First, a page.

The furlough scheme was supposed to be replaced by the Job Support Scheme at the beginning of November.
However, that all changed on Saturday (Oct 31) when the prime minister announced that a second national lockdown would start in England on November 5, lasting until December 2.
As part of the new measures, the Job Support Scheme was put on hold and the Coronavirus Job Retention Scheme – to give furlough its proper title – was extended.
But as of November 5 – the first day of England’s month-long lockdown – the furlough scheme has been extended again, this time to the end of March 2021.
It will see employees receive 80 per cent of their salary, up to a maximum of £2,500 per month, taking it back to the original lockdown furlough level.
This means employers will pay less than they did in October, as their contribution had been gradually increasing since the summer.
Employers will, however, have to pay National Insurance and pension contributions for any unworked hours.
Meanwhile, flexible furloughing is continuing as well as full-time furloughing, meaning staff can be asked to work for some of their hours and be furloughed for the rest of them.
Motor trade legal consultancy Lawgistics appeared on Car Dealer Live on November 2 to explain the intricacies.
In the video, which you can watch above, legal adviser Kiril Moskovchuk pointed out that to be eligible for this furlough extension, employees had to have been on the payroll as of 11.59pm on Friday, October 30.
The deadline means employers can’t take staff on over the next few days then put them on furlough.
He said that people should still be able to take holidays while on furlough, though. In fact, it was to be positively encouraged to avoid too much leave being accrued and unused.
Moskovchuk pointed out that this extension was more akin to flexible furlough, with the major difference being that businesses weren’t being required to pay anything other than National Insurance and pension contributions.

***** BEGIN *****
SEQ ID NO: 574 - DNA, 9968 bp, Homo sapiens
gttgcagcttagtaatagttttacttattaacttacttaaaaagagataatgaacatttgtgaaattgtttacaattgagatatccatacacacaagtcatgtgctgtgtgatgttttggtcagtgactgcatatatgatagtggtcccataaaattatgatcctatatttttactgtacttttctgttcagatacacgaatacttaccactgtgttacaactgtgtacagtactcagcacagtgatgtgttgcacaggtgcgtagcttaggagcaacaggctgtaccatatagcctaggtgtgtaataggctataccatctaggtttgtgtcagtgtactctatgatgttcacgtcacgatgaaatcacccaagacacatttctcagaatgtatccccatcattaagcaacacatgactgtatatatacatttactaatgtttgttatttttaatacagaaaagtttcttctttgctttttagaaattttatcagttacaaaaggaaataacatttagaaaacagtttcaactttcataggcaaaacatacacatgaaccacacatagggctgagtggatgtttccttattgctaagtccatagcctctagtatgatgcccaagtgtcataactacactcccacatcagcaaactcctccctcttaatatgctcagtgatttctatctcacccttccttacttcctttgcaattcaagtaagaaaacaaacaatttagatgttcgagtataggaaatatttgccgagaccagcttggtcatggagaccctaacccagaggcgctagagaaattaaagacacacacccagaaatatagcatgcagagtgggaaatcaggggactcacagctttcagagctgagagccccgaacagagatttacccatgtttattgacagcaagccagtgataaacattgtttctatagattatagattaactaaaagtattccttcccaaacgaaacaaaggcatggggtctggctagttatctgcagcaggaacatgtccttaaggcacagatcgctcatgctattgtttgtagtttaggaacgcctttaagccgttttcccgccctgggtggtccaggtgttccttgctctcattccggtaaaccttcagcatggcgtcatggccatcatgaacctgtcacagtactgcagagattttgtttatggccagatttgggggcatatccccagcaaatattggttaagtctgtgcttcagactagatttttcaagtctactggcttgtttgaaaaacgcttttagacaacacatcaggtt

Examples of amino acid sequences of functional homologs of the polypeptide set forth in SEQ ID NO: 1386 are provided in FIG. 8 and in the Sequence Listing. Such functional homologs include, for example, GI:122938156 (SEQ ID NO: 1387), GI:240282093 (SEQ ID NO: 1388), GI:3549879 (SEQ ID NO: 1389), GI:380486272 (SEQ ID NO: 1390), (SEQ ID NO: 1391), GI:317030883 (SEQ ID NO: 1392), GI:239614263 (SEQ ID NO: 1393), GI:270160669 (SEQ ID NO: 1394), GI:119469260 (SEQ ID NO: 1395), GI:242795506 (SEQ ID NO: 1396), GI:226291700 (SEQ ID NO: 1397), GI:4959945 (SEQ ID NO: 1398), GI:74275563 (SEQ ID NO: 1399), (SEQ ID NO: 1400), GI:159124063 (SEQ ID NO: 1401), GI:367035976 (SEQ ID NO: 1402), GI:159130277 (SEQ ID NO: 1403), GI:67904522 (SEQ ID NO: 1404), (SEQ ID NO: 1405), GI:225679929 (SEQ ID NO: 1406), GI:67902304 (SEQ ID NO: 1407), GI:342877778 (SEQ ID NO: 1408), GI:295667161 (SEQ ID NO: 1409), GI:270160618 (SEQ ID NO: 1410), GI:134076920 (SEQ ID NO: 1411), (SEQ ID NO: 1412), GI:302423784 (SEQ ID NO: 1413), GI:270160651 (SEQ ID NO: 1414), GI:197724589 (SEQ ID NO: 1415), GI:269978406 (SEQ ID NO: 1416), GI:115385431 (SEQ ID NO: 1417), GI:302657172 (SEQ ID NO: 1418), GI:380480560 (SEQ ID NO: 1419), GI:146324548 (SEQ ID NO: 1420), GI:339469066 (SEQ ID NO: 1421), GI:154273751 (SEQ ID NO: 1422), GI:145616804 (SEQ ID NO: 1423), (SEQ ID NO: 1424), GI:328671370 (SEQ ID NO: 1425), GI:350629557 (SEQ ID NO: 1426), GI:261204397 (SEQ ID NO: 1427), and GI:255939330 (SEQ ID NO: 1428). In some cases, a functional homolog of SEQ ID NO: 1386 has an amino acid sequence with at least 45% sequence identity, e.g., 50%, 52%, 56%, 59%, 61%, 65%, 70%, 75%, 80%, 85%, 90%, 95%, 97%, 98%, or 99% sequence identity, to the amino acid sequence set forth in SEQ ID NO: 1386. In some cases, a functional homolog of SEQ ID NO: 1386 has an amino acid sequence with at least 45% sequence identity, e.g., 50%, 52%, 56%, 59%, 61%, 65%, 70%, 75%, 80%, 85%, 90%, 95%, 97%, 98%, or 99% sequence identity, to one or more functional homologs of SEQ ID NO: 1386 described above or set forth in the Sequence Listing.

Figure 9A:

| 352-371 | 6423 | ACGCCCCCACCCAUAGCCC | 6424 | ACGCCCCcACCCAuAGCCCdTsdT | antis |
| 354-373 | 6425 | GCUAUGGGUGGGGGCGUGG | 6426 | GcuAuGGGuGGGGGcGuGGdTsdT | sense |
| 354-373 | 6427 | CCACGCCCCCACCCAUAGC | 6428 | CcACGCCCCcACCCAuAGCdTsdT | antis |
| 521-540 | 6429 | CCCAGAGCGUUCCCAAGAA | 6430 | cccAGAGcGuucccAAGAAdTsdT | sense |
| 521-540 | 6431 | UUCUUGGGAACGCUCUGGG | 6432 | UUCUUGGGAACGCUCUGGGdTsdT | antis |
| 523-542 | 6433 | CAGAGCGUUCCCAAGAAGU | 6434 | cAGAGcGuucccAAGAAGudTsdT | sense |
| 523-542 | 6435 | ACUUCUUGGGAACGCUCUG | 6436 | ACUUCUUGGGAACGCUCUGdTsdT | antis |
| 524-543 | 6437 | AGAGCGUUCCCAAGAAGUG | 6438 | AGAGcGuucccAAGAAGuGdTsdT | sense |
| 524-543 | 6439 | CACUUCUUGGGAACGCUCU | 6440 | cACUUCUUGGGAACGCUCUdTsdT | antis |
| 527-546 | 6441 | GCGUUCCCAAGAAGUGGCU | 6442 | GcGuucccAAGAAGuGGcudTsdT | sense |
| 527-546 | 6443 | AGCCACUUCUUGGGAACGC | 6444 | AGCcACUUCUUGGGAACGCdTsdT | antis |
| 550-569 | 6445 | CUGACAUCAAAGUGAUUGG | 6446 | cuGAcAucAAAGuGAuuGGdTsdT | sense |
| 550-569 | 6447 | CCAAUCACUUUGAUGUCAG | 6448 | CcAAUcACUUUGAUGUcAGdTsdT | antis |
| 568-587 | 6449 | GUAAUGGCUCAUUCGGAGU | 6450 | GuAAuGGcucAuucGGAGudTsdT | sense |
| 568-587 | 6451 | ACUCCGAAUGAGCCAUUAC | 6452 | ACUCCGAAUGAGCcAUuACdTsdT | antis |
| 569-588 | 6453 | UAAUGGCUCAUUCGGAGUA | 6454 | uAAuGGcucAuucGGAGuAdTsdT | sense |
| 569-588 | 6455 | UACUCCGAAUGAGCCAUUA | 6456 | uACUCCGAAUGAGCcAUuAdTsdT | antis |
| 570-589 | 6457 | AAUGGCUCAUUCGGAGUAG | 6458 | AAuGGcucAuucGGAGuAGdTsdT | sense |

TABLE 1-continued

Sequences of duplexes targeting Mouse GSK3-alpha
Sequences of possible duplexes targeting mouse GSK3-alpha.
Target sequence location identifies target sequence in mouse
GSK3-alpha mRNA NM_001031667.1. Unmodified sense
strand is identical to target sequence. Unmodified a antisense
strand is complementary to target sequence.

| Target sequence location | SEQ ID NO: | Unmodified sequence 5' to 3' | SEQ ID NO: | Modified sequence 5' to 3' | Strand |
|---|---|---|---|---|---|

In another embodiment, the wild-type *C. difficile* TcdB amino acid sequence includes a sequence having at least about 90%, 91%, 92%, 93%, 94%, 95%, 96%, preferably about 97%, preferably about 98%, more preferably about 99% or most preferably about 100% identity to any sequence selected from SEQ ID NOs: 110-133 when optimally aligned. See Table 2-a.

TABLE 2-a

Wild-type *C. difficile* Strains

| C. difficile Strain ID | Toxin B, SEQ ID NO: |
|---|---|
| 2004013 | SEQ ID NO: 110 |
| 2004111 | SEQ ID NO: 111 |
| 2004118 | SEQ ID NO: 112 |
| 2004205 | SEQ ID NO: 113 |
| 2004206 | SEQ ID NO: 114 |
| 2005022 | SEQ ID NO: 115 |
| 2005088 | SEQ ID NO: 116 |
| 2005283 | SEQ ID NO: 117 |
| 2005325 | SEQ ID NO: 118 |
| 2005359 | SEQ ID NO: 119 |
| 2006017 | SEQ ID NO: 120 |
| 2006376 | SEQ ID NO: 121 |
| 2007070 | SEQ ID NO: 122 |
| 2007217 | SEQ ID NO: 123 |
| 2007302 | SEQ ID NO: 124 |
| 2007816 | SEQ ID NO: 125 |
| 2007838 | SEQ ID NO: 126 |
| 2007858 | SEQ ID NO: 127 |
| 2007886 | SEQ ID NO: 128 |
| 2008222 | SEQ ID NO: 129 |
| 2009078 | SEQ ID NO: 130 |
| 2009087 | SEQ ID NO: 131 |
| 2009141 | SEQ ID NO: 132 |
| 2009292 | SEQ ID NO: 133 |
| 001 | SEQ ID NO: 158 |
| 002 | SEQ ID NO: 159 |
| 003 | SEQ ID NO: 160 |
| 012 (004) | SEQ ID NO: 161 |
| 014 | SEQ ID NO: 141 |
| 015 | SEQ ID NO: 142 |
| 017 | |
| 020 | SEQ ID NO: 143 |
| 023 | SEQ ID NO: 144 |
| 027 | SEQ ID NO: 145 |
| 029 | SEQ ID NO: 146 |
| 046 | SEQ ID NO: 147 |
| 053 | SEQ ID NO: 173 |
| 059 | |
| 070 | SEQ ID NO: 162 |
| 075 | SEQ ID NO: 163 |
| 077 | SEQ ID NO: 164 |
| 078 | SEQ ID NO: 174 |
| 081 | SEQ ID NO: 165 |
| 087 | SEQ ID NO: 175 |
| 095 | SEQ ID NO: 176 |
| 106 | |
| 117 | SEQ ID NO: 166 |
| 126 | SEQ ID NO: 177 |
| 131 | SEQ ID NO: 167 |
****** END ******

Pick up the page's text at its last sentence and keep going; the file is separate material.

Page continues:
He added that people do not have to have been on furlough beforehand to be placed on it this time.
Some viewers wondered about how long people could be furloughed for – could it be for a day, two days or, for example, a three-week chunk, asked Car Dealer founder James Baggott.
‘From what we know, with the policy statement, it says seven consecutive days,’ said Moskovchuk.
‘Whether it will apply to an employer being able to make a claim once every seven days or that the employee will have to be furloughed for seven consecutive days as a minimum, that remains to be seen.’
In summary, the details of the new furlough scheme are:
- Workers will receive 80 per cent of their normal salary a month (up to £2,500) funded by the government
- Employers will be required to pay the NI and pension contributions
- The flexibility of the current furlough scheme will remain – meaning employers can continue to ask employees to work some of their hours and be furloughed for the rest
- All employers are eligible. An employee does not need to have been previously furloughed to be eligible
- An employee must have been on an employer’s PAYE payroll on or before October 30, 2020
Watch the Lawgistics interview in full at the top of this post.
Post originally published on Nov 3. Updated at 13.30 on Nov 5.